Roof sagging

When the house was built a couple of the engineered trussses were cut to allow for a chimney. After 34 years a couple of the Z braces on two trusses started buckling and the roof above them has a slight sag. The ceiling joist remained straight. The trusses are soundly fastened to the chimney and there isnt any evidence of the chimney settling also there is no problem with the roof on the opposite side of the chimney. This was first noticed about 4 years ago. My fix was to place a beam made of two 2x6s screwed together across 4 good trusses and the 2 effected trusses and installing two lolly colums from the beam to the point of the rafter point on the trusses in the middle of the sag. I gradually extend the lolly colums over a period of about 3 years and at this point the warped bracing and sagging spot in the roof are now straight. I want to remove the added bracing. I am guessing that there was a change in load distibution due to cutting the trusses for the chimney and more load ws placed on these braces than they were designed.I was thinking about screwing strips of plywood to the affected bracing to make it more rigid and possibly doing the same to the rafter and joist portions of the effected trusses. I gave some thought to replacing the effected bracing but the gussets that hold it in place also splice together sections of the rafter. Any opinions and advice would be appreciated.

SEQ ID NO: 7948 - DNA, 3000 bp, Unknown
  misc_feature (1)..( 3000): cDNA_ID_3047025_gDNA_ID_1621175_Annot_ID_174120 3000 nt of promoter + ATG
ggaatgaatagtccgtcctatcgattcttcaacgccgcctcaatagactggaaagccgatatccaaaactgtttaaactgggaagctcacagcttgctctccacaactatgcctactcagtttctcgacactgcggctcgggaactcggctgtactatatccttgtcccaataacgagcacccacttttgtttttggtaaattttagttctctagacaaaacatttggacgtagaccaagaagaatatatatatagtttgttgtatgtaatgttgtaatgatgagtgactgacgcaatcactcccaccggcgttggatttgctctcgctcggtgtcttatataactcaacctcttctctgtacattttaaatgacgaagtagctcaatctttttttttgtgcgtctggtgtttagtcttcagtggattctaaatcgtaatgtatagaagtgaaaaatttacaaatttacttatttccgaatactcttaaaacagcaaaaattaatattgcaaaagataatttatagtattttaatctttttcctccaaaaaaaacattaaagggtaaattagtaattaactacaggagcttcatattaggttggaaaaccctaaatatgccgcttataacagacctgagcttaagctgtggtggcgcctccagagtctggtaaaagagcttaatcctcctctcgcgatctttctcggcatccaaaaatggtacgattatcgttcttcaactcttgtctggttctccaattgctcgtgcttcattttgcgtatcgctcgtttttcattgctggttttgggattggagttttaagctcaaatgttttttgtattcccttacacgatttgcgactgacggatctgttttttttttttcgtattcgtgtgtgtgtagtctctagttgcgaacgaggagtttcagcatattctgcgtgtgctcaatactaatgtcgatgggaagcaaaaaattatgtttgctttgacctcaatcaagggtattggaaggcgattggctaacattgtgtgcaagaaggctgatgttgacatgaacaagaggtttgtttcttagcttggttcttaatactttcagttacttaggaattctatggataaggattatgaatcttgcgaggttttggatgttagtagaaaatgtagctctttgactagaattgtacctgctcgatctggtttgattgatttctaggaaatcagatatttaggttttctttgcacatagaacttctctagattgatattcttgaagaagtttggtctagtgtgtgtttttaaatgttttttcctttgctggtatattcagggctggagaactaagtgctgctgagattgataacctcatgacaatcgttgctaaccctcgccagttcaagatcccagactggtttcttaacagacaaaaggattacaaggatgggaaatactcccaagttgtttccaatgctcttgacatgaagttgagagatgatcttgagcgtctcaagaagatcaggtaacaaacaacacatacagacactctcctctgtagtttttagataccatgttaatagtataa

Jimmie
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advice?
More white space in your posts Provide some photos of the condition get a CE or SE to take a look & design a fix
SWAG suggestion....... use some plywood "truss plates" to install more temporary truss members (I'm assuming your jack columns are placed where truss members used to be?) removed the jack columns and install permanent truss members
I would suggest using 16 gage staples to attach the plywood truss plates
cheers Bob
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If it is ok, I would not change anything!!!
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wrote:

If I were going to live there which was the plan I wouldnt have a problem with it. Its the firmest part of the roof. Since my wife and I have changed our plans about retiring there I thought it may be prudent to remove the southern engineering before attempting to sell the home. I want to make this look more like origonal design to correct for the cut trusses than a repair.
Jimmie
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JIMMIE wrote:

An awful lot of homes have chimneys without roof problems. You sure it isn't something else?
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